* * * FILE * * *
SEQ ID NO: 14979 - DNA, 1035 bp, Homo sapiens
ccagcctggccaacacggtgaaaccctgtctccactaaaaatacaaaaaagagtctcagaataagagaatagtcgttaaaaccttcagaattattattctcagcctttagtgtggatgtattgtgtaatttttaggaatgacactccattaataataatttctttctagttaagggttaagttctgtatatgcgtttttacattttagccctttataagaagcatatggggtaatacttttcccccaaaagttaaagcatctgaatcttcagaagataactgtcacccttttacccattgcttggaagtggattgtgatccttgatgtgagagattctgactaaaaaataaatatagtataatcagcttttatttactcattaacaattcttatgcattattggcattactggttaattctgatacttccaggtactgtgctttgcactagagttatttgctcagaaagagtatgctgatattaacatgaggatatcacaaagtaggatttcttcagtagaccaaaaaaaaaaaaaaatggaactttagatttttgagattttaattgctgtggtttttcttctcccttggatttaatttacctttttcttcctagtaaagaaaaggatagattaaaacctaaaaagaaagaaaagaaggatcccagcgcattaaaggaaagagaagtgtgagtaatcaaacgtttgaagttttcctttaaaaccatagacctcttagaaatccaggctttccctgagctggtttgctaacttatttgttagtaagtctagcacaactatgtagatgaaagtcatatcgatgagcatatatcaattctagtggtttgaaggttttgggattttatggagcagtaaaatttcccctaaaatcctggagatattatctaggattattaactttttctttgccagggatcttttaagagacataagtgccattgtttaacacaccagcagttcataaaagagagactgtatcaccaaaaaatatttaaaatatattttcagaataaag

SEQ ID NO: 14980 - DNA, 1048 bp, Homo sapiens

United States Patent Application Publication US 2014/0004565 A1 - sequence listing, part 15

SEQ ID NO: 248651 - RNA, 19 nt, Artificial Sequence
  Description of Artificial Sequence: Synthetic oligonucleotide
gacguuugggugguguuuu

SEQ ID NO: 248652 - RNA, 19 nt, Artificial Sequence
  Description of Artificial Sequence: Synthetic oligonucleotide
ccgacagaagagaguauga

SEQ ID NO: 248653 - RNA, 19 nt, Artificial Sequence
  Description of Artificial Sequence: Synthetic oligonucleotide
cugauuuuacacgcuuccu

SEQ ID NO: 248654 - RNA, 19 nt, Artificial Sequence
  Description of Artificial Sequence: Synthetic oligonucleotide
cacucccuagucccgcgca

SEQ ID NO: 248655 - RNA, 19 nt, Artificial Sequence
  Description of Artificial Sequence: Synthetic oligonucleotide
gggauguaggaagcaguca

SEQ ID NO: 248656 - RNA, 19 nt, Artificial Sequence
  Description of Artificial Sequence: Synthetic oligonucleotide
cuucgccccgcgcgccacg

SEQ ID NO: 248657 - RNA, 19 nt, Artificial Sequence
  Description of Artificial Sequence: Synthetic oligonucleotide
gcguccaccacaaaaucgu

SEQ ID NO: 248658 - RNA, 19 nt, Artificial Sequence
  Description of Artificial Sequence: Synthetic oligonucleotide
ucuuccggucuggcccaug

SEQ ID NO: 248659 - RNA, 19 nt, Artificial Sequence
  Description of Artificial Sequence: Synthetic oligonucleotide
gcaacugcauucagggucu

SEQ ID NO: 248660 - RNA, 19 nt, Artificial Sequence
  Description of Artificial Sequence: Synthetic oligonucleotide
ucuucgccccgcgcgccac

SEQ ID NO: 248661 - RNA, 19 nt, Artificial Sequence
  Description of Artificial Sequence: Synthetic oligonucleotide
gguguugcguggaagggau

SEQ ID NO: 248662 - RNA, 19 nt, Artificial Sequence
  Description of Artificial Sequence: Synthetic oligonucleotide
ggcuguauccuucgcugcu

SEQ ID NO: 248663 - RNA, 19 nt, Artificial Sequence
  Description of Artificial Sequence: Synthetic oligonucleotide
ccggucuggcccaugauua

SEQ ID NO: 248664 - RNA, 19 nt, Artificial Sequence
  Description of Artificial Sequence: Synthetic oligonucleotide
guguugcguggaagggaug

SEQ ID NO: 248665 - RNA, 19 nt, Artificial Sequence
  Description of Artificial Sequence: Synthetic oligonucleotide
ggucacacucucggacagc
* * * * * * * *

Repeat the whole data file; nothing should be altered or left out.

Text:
SEQ ID NO: 14979 - DNA, 1035 bp, Homo sapiens
ccagcctggccaacacggtgaaaccctgtctccactaaaaatacaaaaaagagtctcagaataagagaatagtcgttaaaaccttcagaattattattctcagcctttagtgtggatgtattgtgtaatttttaggaatgacactccattaataataatttctttctagttaagggttaagttctgtatatgcgtttttacattttagccctttataagaagcatatggggtaatacttttcccccaaaagttaaagcatctgaatcttcagaagataactgtcacccttttacccattgcttggaagtggattgtgatccttgatgtgagagattctgactaaaaaataaatatagtataatcagcttttatttactcattaacaattcttatgcattattggcattactggttaattctgatacttccaggtactgtgctttgcactagagttatttgctcagaaagagtatgctgatattaacatgaggatatcacaaagtaggatttcttcagtagaccaaaaaaaaaaaaaaatggaactttagatttttgagattttaattgctgtggtttttcttctcccttggatttaatttacctttttcttcctagtaaagaaaaggatagattaaaacctaaaaagaaagaaaagaaggatcccagcgcattaaaggaaagagaagtgtgagtaatcaaacgtttgaagttttcctttaaaaccatagacctcttagaaatccaggctttccctgagctggtttgctaacttatttgttagtaagtctagcacaactatgtagatgaaagtcatatcgatgagcatatatcaattctagtggtttgaaggttttgggattttatggagcagtaaaatttcccctaaaatcctggagatattatctaggattattaactttttctttgccagggatcttttaagagacataagtgccattgtttaacacaccagcagttcataaaagagagactgtatcaccaaaaaatatttaaaatatattttcagaataaag

SEQ ID NO: 14980 - DNA, 1048 bp, Homo sapiens

United States Patent Application Publication US 2014/0004565 A1 - sequence listing, part 15

SEQ ID NO: 248651 - RNA, 19 nt, Artificial Sequence
  Description of Artificial Sequence: Synthetic oligonucleotide
gacguuugggugguguuuu

SEQ ID NO: 248652 - RNA, 19 nt, Artificial Sequence
  Description of Artificial Sequence: Synthetic oligonucleotide
ccgacagaagagaguauga

SEQ ID NO: 248653 - RNA, 19 nt, Artificial Sequence
  Description of Artificial Sequence: Synthetic oligonucleotide
cugauuuuacacgcuuccu

SEQ ID NO: 248654 - RNA, 19 nt, Artificial Sequence
  Description of Artificial Sequence: Synthetic oligonucleotide
cacucccuagucccgcgca

SEQ ID NO: 248655 - RNA, 19 nt, Artificial Sequence
  Description of Artificial Sequence: Synthetic oligonucleotide
gggauguaggaagcaguca

SEQ ID NO: 248656 - RNA, 19 nt, Artificial Sequence
  Description of Artificial Sequence: Synthetic oligonucleotide
cuucgccccgcgcgccacg

SEQ ID NO: 248657 - RNA, 19 nt, Artificial Sequence
  Description of Artificial Sequence: Synthetic oligonucleotide
gcguccaccacaaaaucgu

SEQ ID NO: 248658 - RNA, 19 nt, Artificial Sequence
  Description of Artificial Sequence: Synthetic oligonucleotide
ucuuccggucuggcccaug

SEQ ID NO: 248659 - RNA, 19 nt, Artificial Sequence
  Description of Artificial Sequence: Synthetic oligonucleotide
gcaacugcauucagggucu

SEQ ID NO: 248660 - RNA, 19 nt, Artificial Sequence
  Description of Artificial Sequence: Synthetic oligonucleotide
ucuucgccccgcgcgccac

SEQ ID NO: 248661 - RNA, 19 nt, Artificial Sequence
  Description of Artificial Sequence: Synthetic oligonucleotide
gguguugcguggaagggau

SEQ ID NO: 248662 - RNA, 19 nt, Artificial Sequence
  Description of Artificial Sequence: Synthetic oligonucleotide
ggcuguauccuucgcugcu

SEQ ID NO: 248663 - RNA, 19 nt, Artificial Sequence
  Description of Artificial Sequence: Synthetic oligonucleotide
ccggucuggcccaugauua

SEQ ID NO: 248664 - RNA, 19 nt, Artificial Sequence
  Description of Artificial Sequence: Synthetic oligonucleotide
guguugcguggaagggaug

SEQ ID NO: 248665 - RNA, 19 nt, Artificial Sequence
  Description of Artificial Sequence: Synthetic oligonucleotide
ggucacacucucggacagc